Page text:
bright eyes of my lass, and a butt of good October brewing.” So up he got and took his good stout yew bow and a score or more of broad clothyard arrows, and started off from Locksley Town through Sherwood Forest to Nottingham.
The Sheriff proclaimed a shooting-match, and Robin Hood goeth with his bow.
It was at the dawn of day in the merry May-time, when hedgerows are green and flowers bedeck the meadows; daisies pied and yellow cuckoo buds and fair primroses all along the briery hedges; when apple buds blossom and sweet birds sing, the lark at dawn of day, the throstle cock and cuckoo; when the lads and lasses look upon each other with sweet thoughts; when busy housewives spread their linen to bleach upon the bright green grass. Sweet was the greenwood as he walked along its paths, and bright the green and rustling leaves, amid which the little birds sang with might and main: and blithely Robin whistled as he trudged along, thinking of Maid Marian and her bright eyes, for at such times a youth’s thoughts are wont to turn pleasantly upon the lass that he loves the best.
As thus he walked along with a brisk step and a merry whistle, he came suddenly upon some foresters seated beneath a great oak tree. Fifteen there were in all, making themselves merry with feasting and drinking as they sat around a huge pasty, to which each man helped himself, thrusting his hands into the pie, and washing down that which they ate with great horns of ale which they drew all foaming from a barrel that stood nigh. Each man was clad in Lincoln green, and a fine show they made, seated upon the sword beneath that fair, spreading tree. Then one of them, with his mouth full, called out to Robin,—
He meeteth the
in the greenwood.
“Hulloa, where goest thou, little lad, with thy one penny bow and thy farthing shafts?”
Then Robin grew angry, for no stripling likes to be taunted with his green years.
“Now,” quoth he, “my bow and eke mine arrows are as good as thine; and moreover, I go to the shooting-match at Nottingham Town, which same has been proclaimed by our good Sheriff of Nottinghamshire; there I will shoot with other stout yeomen, for a prize has been offered of a fine butt of ale.”
Then one who held a horn of ale in his hand, said, “Ho! listen to the lad! Why, boy, thy mother’s milk is yet scarce dry upon thy lips, and yet thou pratest of standing up with good stout men at Nottingham butts, thou who art scarce able to draw one string of a two stone bow.”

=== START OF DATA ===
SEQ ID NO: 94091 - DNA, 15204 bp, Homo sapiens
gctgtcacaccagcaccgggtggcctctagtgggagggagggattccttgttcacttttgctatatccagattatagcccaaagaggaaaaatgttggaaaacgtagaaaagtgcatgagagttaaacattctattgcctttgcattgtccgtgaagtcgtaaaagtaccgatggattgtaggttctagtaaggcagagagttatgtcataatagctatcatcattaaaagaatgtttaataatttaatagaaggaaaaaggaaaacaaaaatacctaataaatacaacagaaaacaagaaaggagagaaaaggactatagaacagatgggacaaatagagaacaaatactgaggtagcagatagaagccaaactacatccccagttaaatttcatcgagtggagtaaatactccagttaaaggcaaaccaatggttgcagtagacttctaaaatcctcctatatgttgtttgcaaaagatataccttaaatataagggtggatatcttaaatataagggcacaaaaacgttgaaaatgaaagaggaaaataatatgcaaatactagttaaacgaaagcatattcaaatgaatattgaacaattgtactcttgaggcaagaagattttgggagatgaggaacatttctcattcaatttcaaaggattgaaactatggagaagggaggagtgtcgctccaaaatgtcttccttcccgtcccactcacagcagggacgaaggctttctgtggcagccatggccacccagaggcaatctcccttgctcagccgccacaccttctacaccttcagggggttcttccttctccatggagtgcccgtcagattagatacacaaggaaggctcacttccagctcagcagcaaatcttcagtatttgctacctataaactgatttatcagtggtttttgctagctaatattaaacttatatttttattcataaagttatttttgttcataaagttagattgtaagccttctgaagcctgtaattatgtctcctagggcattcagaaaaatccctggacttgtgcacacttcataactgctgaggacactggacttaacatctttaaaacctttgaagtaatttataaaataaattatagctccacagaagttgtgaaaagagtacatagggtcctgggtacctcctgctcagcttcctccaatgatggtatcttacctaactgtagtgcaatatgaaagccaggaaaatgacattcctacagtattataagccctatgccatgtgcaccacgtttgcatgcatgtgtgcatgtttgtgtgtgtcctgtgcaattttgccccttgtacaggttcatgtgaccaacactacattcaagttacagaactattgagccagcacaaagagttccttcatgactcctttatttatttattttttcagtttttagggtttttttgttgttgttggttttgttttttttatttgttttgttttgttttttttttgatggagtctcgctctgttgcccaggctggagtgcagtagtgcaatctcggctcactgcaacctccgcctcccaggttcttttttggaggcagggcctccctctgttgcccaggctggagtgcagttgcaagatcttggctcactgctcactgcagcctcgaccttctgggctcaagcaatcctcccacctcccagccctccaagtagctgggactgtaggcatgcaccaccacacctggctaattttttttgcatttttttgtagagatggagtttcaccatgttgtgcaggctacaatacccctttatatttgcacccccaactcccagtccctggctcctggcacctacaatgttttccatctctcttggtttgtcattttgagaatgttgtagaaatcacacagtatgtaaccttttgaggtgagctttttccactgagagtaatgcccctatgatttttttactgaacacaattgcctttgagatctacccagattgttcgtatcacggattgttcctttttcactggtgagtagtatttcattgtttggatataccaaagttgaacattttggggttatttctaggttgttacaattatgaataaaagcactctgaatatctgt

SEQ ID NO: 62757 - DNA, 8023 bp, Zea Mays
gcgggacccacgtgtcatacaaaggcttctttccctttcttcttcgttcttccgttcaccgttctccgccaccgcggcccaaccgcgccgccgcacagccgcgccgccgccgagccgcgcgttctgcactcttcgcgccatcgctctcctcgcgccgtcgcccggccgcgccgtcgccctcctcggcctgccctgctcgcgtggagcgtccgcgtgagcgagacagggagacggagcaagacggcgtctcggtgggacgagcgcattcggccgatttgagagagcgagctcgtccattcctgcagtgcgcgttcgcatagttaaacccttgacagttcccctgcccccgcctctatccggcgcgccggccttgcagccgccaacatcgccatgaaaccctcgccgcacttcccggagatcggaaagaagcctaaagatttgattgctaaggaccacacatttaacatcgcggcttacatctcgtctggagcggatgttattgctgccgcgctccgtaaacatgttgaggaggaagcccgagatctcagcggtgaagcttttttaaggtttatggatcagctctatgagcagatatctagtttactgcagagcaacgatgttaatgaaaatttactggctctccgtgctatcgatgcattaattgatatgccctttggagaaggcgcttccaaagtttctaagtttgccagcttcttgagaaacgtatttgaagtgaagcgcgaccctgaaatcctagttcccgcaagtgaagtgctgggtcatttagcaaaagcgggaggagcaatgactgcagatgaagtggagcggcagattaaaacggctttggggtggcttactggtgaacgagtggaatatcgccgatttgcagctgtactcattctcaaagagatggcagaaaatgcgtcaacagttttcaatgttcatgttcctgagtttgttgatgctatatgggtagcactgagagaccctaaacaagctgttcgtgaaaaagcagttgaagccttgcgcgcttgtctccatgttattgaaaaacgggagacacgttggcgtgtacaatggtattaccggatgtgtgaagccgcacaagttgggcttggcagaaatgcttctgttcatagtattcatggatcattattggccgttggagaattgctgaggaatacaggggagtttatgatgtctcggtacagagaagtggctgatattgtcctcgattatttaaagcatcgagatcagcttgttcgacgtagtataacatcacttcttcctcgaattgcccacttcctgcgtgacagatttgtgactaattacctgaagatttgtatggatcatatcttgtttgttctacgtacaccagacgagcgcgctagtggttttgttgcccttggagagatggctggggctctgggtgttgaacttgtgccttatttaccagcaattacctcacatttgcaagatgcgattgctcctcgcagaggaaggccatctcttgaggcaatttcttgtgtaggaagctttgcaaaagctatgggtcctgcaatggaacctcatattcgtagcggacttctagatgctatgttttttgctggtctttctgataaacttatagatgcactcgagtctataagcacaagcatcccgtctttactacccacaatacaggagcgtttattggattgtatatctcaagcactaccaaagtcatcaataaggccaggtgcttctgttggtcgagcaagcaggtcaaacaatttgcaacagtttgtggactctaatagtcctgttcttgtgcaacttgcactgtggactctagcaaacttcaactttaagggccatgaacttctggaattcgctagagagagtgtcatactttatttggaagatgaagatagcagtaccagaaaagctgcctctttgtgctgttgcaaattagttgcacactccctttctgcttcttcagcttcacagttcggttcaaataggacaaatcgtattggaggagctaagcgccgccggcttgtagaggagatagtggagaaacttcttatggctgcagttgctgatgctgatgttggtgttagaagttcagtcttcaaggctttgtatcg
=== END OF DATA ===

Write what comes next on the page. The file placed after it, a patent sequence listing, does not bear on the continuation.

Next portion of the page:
“I’ll hold the best of you twenty marks,” quoth bold Robin, “that I hit the clout at threescore rods, by the good help of Our Lady fair.”
At this all laughed aloud, and one said, “Well boasted, thou fair infant, well boasted! and well thou knowest that no target is nigh to make good thy wager.”
And another cried, “He will be taking ale with his milk next.”
At this Robin grew right mad. “Hark ye,” said he; “yonder, at the glade’s end, I see a herd of deer, even more than threescore rods distant. I’ll hold you twenty marks that, by leave of Our Lady, I cause the best hart among them to die.”
“Now done!” cried he who had spoken first. “And here are twenty marks. I wager that thou causest no beast to die, with or without the aid of Our Lady.”
Then Robin took his good yew bow in his hand, and placing the tip at his instep, he strung it right deftly; then he nocked a broad clothyard arrow, and, raising the bow, drew the gray goose-feather to his ear; the next moment the bowstring rang and the arrow sped down the glade as a sparrowhawk skims in a northern wind. High leaped the noblest hart of all the herd, only to fall dead, reddening the green path with his heart’s blood.
Robin killeth a
hart of the herd.
“Ha!” cried Robin, “how likest thou that shot, good fellow? I wot the wager were mine, an it were three hundred pounds.”
Then all the foresters were filled with rage, and he who had spoken the first and had lost the wager was more angry than all.
“Nay,” cried he, “the wager is none of thine, and get thee gone, straightway, or, by all the saints of heaven, I’ll baste thy sides until thou wilt ne’er be able